I visited the Berlin Turkish Market for the first time when you bumped into the graffiti-covered Berlin Wall after walking its length, and the Kreuzberg area of town was one of the few where Turkish guest workers were allowed to live.

Turkish Market in Berlin Ladies Shopping

That was a few decades when it was at the border of then-divided city. The wall is now gone, Turks are a vibrant and (mostly) accepted part of the German culture, and the Turkish Market in Berlin remains – and is even livelier and most bustling than ever.

The Berlin Turkish Market on the Maybachufer is a combination of farmer’s market, street food festival, Oriental bazaar and flea market – all with a Mediterranean flair. German locals, Turkish families and tourists of all nationalities go shoulder to shoulder down the narrow market avenue between two rows of booths seeking out cultural character, great food finds, cheap seasonal produce, and all kinds of household and personal goods.

HITT Tip: The market takes place along the banks of the Maybach canal. Take Underground Line 8 (the blue line). You can get off at either Schönleinstrasse and walk northwest and up along Kottbusser Damm, or you can get off at Kottbusser Tor and walk southeast or down along Kottbusser Strasse. Just follow the people with shopping bags!

Go ready to eat to the Berlin Turkish Market

Go hungry, but be sure to check out the offerings at the market before dipping into your wallet – falafel sandwiches, marinated olives, grilled Halloumi cheese, fresh squeezed pomegranate juice, baskets of berries busting with flavor … YUM! Interestingly, prices vary from booth to booth, sometimes substantially. So consider walking the approximately quarter-mile length before deciding what to get or eat.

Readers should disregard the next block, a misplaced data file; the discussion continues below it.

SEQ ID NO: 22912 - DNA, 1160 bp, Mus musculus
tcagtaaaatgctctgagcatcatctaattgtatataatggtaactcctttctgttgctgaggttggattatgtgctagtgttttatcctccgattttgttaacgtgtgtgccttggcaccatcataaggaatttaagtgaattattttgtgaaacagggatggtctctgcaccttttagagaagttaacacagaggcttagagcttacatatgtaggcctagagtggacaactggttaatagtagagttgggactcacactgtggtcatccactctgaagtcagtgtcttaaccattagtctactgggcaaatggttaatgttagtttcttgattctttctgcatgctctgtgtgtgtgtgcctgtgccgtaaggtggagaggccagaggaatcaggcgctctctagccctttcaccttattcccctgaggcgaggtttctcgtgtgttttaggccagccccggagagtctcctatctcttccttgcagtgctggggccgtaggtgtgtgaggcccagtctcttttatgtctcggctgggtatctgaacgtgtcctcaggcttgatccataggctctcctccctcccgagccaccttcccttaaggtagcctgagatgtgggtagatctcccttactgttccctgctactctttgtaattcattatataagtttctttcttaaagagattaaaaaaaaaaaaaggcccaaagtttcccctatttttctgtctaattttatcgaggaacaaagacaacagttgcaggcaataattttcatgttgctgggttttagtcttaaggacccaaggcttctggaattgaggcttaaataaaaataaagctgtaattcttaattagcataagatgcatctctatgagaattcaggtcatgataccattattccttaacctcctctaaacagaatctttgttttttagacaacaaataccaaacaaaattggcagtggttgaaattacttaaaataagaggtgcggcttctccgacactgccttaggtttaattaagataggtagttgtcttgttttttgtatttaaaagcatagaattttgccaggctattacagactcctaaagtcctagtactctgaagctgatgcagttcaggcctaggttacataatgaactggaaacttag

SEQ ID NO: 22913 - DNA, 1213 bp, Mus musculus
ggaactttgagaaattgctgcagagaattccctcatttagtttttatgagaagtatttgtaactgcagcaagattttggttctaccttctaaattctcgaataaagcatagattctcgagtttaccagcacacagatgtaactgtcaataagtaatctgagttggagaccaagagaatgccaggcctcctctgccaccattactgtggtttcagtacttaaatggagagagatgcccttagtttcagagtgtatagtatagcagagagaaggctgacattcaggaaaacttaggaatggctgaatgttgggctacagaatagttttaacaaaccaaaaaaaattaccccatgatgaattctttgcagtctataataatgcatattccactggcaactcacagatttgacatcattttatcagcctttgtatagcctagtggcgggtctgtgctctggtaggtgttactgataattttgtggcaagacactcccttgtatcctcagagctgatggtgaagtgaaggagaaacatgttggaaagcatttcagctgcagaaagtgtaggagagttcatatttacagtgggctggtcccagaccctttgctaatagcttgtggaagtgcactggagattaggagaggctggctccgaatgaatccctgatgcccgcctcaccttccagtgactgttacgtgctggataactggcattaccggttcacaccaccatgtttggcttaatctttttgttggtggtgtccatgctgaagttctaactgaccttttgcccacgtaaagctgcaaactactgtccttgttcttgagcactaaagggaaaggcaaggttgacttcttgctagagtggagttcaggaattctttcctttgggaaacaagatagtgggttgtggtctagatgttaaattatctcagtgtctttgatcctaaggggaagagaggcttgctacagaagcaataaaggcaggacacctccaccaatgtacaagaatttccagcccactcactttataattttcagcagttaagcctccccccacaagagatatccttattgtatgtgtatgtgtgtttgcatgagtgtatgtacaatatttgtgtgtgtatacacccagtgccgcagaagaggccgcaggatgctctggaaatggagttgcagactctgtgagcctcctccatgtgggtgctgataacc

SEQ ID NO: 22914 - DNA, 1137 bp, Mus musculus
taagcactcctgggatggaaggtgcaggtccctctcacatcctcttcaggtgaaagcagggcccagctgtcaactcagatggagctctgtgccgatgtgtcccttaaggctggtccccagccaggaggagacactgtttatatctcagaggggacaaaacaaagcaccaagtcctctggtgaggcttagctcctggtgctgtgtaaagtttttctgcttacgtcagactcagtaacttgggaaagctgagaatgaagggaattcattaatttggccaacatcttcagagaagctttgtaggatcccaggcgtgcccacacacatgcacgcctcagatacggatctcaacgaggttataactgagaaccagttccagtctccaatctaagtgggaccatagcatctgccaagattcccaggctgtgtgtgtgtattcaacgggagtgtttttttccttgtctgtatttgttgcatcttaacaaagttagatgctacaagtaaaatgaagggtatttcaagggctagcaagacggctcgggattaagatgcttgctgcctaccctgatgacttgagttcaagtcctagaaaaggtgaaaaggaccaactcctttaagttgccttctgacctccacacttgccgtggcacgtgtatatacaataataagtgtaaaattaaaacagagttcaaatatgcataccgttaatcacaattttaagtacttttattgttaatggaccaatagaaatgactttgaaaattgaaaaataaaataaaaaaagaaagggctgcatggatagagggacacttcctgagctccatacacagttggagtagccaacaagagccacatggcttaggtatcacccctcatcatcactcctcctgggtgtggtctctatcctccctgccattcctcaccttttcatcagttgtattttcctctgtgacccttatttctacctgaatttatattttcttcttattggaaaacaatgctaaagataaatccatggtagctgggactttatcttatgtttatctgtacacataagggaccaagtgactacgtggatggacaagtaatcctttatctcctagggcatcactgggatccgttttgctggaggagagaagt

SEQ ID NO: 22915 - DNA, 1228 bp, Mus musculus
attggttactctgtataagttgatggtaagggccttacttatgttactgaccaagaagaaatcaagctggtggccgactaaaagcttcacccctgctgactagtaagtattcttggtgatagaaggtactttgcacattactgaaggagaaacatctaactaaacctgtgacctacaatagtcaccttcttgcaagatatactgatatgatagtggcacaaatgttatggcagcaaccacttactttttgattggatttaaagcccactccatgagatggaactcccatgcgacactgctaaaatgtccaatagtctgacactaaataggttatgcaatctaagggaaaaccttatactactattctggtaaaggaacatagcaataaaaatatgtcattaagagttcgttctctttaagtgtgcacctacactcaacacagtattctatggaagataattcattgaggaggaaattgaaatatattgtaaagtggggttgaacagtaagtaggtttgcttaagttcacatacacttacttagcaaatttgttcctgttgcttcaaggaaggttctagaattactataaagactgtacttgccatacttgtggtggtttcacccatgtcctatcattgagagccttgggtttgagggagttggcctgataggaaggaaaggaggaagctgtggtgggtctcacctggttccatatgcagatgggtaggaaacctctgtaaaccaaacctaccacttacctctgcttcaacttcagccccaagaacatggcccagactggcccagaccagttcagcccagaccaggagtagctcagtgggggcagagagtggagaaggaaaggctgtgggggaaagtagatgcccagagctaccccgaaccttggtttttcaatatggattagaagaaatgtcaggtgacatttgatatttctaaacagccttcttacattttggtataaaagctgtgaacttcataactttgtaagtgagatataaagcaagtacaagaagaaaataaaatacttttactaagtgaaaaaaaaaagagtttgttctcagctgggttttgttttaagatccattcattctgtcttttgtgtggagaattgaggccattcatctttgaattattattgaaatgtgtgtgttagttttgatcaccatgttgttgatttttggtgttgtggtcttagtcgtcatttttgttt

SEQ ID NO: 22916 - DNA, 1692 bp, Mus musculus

Turkish Market Berlin with Olives and Meat

Fresh-made grocery items? Local honey and jams, jerky, fresh-baked breads, and other goodies. More YUM!

Need household goods? You can find bolts of fabrics of all colors and types, zippers, bands, tapes, scissors, pocket knives, buttons and bows. Shopping? Bracelets, wallets, purses, shoes, flip-flops, socks….

Berlin Turkish Market, a multicultural photogenic destination

The Berlin Turkish Market is candy for photographers and gives a new meaning to multicultural tourist destination. As of this writing, the market takes place Tuesdays and Fridays from about 11 a.m. to 6:30 p.m. on the banks of the Maybach canal bordering the neighborhoods of Kreuzberg and Neukölln. I say “about” because if a vendor is setup, the person will sell to you earlier too. Be forewarned that the market day may shift if it lands on a holiday, like Good Friday, so check online before you head over.

Berlin Turkish Market bread dealer

The Berlin Turkish Market’s website  is meager at best but it gives the basics – also in English, albeit a pretty funny version of English! The Turkish Market, although a tourist attraction, is sadly only listed on the German pages of the official Berlin tourist’s website!

Don’t let a language barrier stop you, though. Jump the underground or bus and get there, camera in hand, and tummy grumbling with plenty of shopping bags to fill.

HITT Tip: Be prepared to haggle a bit – and to joke around a bit too. These guys are pros and know how to work – and entertain – the passers-by.

The Berlin Travel Map

Map of Berlin by HI Travel TalesThere is so much to see and do in Berlin! Use our travel map of Berlin, in tandem with our many articles like this one, to help you decide where to go, what to do next, and even find your way from one fantastic sight, restaurant or place to stay to the next.

Heads up! This information on the Berlin Turkish Market was accurate when we published it on HI Travel Tales, but, as we know, traveling is all about changes (and inflation, sadly). It is your sole responsibility to confirm prices, transportation schedules, hours of operation, safety and health considerations, and any other important details before your adventure.
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Therese Iknoian

Co-Conspirator at HI Travel Tales
Little did her parents know that a short trip to Europe in high school would launch a lifetime love of travel, languages and cultures. Trained as a news journalist, Therese Iknoian now focuses her writing and photography talents on travel. Fluent in German, Therese also runs a translation business (ThereseTranslates.com) working primarily with companies in the outdoor/sports/retail industry. She's a French speaker, and loves to learn a bit of the language wherever she goes -- gdje je kupaonica? Мне нужна помощь! -- often embarrassing herself in the quest for cross-cultural communication. Therese is an award-winning member of the North American Travel Journalists Association.
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